Dear Mr. President:
The physicians and management in our office had a discussion this morning about the upcoming audits physicians are facing from CMS. I had to wait for my blood pressure to get out of dangerous range to write this letter. The frustration, fear, and powerlessness I felt made me really question whether it is worth continuing to see my Medicare patients.
I am a primary care physician and about 20% of my patients are covered by Medicare. As a whole, they are wonderful people, but difficult patients. The elderly are truly a delight to talk to, learn from, and care for; I consider it an honor to be their doctor. But the complexity of a person’s medical problems goes up exponentially as they near the end of their life. This means that I spend more time per patient for my Medicare population – which is OK if I can be paid for my extra time and effort.
But here is the message we physicians are being given:
Medicare auditors will be knocking at our doors, and if there are “problems” with our charting we will be told to send money back to CMS for our whole Medicare population. We are obligated to prove that we did not defraud Medicare to reclaim the money for the work we did. This is, obviously, consistent with the cornerstone of the American legal system, “A person is presumed guilty unless they can prove that they are innocent.”
The “problems” they are looking for are inconsistencies in the charting and the billing we do. These “inconsistencies” are not just egregious attempts at stealing money from Medicare, they are little things like this:
The failure to mention the EKG we ordered in the note (even if it is right there in the chart).
The appearance that we are using a “cookie-cutter template” to do our notes – i.e. if all of our physical exams, review of systems, or impressions look similar, then it will be assumed we are trying to defraud Medicare.
Forgetting to document a discussion of the patient about a diabetic eye exam.
Certain ICD-9 codes will be accepted by Medicare, but will be “flags” that we are possibly trying to cheat Medicare out of money. Diagnoses like Hypertension ICD-401.9 and Diabetes Type 2 ICD-250.00 will be flags. We need to be more specific in our coding to avoid immediate suspicion.
While my information may not be 100% accurate, the fear in the medical community is. We practice very good medicine in our practice and probably save money for the system (as studies have shown that a higher percentage of primary care in a community means lower cost – ask the Brits on this one). We use an EMR and are very tuned in to the quality of our care (NCQA recognized for our diabetes care). I strongly suspect that our quality of care and documentation are in the top 10%. Yet we are fearful that your government employees are going to use us as scape goats for the out-of-control costs of Medicare and put us out of business in the process.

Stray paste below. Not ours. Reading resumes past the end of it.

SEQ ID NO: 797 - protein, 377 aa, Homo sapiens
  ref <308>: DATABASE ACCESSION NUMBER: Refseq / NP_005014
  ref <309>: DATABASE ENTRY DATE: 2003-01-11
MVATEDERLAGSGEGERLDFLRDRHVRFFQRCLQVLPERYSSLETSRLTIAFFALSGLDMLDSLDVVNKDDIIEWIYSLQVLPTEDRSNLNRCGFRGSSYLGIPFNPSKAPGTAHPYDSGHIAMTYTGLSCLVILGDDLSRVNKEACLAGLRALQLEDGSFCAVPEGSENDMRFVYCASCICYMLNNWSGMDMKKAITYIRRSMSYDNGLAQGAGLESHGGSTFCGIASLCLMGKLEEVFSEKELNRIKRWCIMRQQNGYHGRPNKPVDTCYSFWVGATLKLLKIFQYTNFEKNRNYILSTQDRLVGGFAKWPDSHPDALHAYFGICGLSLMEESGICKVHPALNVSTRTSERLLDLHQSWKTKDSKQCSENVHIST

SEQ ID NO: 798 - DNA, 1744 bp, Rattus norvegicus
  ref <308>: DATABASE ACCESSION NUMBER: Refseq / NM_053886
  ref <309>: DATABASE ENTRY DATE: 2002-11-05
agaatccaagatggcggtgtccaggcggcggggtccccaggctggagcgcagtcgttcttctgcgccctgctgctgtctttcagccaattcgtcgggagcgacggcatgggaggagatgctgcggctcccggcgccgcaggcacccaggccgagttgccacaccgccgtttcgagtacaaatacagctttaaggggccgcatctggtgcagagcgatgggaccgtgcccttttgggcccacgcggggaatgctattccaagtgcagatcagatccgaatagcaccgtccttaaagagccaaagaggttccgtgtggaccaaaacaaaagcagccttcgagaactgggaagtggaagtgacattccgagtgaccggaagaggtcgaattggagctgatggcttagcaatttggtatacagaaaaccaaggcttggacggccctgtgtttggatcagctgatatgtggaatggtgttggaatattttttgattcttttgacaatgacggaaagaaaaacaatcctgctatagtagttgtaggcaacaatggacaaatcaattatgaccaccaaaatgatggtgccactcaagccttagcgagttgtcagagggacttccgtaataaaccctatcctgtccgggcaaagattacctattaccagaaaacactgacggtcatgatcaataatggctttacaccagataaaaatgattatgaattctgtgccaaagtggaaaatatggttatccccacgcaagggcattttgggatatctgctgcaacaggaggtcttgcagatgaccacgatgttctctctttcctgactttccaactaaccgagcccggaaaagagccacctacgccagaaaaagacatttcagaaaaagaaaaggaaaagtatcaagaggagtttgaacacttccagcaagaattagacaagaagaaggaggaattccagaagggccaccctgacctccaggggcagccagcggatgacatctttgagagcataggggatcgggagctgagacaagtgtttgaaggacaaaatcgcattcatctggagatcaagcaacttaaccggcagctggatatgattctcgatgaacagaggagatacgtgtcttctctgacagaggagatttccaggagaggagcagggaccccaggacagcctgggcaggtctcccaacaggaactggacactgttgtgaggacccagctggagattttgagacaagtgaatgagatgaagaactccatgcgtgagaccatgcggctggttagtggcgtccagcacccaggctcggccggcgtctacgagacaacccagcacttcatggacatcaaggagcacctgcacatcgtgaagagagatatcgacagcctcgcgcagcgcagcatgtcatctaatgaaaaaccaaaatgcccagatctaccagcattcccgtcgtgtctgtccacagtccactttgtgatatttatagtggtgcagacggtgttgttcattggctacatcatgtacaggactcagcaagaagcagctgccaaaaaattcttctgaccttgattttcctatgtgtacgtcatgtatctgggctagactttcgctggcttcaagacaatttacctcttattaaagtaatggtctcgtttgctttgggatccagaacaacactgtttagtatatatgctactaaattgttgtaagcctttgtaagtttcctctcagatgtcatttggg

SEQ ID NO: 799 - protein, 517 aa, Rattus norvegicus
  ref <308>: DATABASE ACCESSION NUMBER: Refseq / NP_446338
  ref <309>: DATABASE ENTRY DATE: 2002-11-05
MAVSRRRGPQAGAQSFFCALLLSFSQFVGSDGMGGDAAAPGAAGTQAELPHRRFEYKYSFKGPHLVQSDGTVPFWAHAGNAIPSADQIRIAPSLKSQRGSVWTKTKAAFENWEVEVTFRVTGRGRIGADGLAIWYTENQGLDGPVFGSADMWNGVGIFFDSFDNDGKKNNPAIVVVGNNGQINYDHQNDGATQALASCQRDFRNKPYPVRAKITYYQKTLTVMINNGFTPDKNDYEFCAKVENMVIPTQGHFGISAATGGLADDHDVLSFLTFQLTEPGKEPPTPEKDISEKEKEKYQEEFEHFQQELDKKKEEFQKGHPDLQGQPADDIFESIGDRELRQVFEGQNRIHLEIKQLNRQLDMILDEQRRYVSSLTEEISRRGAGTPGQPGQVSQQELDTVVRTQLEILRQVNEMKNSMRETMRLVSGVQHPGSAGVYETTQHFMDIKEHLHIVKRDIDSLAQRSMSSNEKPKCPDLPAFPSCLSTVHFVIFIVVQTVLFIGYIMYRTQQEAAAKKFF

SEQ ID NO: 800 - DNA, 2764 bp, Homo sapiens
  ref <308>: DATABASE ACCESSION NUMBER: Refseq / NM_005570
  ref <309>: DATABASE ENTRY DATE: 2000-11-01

We see what is being done to the hospitals with the “No Pay” diagnoses. That whole debacle is irrational and unfair, but the hospitals have no recourse. That makes us extremely pessimistic about our odds when facing the hit-men from CMS. If a hospital with its lawyers and other resources can be hung out to dry, what chance does a PCP have?
So at an increasing rate, we are discussing the option of dropping Medicare altogether. That really is an amazing thing, as we have always played by the rules and have seen our care for the elderly as a responsibility and civic duty we have. We have never considered our acceptance of Medicare as something that actually makes business sense – we just want to and like to care for the patients. But the increasing hostility we are seeing from the witch-hunters with their torches and angry mobs is making us really consider whether we can afford to stay on board.
The practice of medicine would be far simpler for us if we dropped Medicare and Medicaid – and probably more profitable. But I don’t want to. I love my patients and want to continue to have the honor of being their doctor. Please don’t convince me that it is not worth the effort. Please don’t hurt our elderly in such a way. Please don’t let the CMS cronies make it look like we physicians are the root of the problem. We may not be totally innocent; but most of us are doing the best we can in a system that is becoming increasingly hostile and incredibly burdensome.
On behalf of all scared physicians out there,
ROB LAMBERTS is a primary care physician practicing somewhere in the southeastern United States. He blogs regularly at Musings of a Distractible Mind, where this post first appeared. For some strange reason, he is often stopped by strangers on the street who mistake him for former Atlanta Braves star John Smoltz and ask “Hey, are you John Smoltz?” He is not John Smoltz. He is not a former major league baseball player. He is a primary care physician.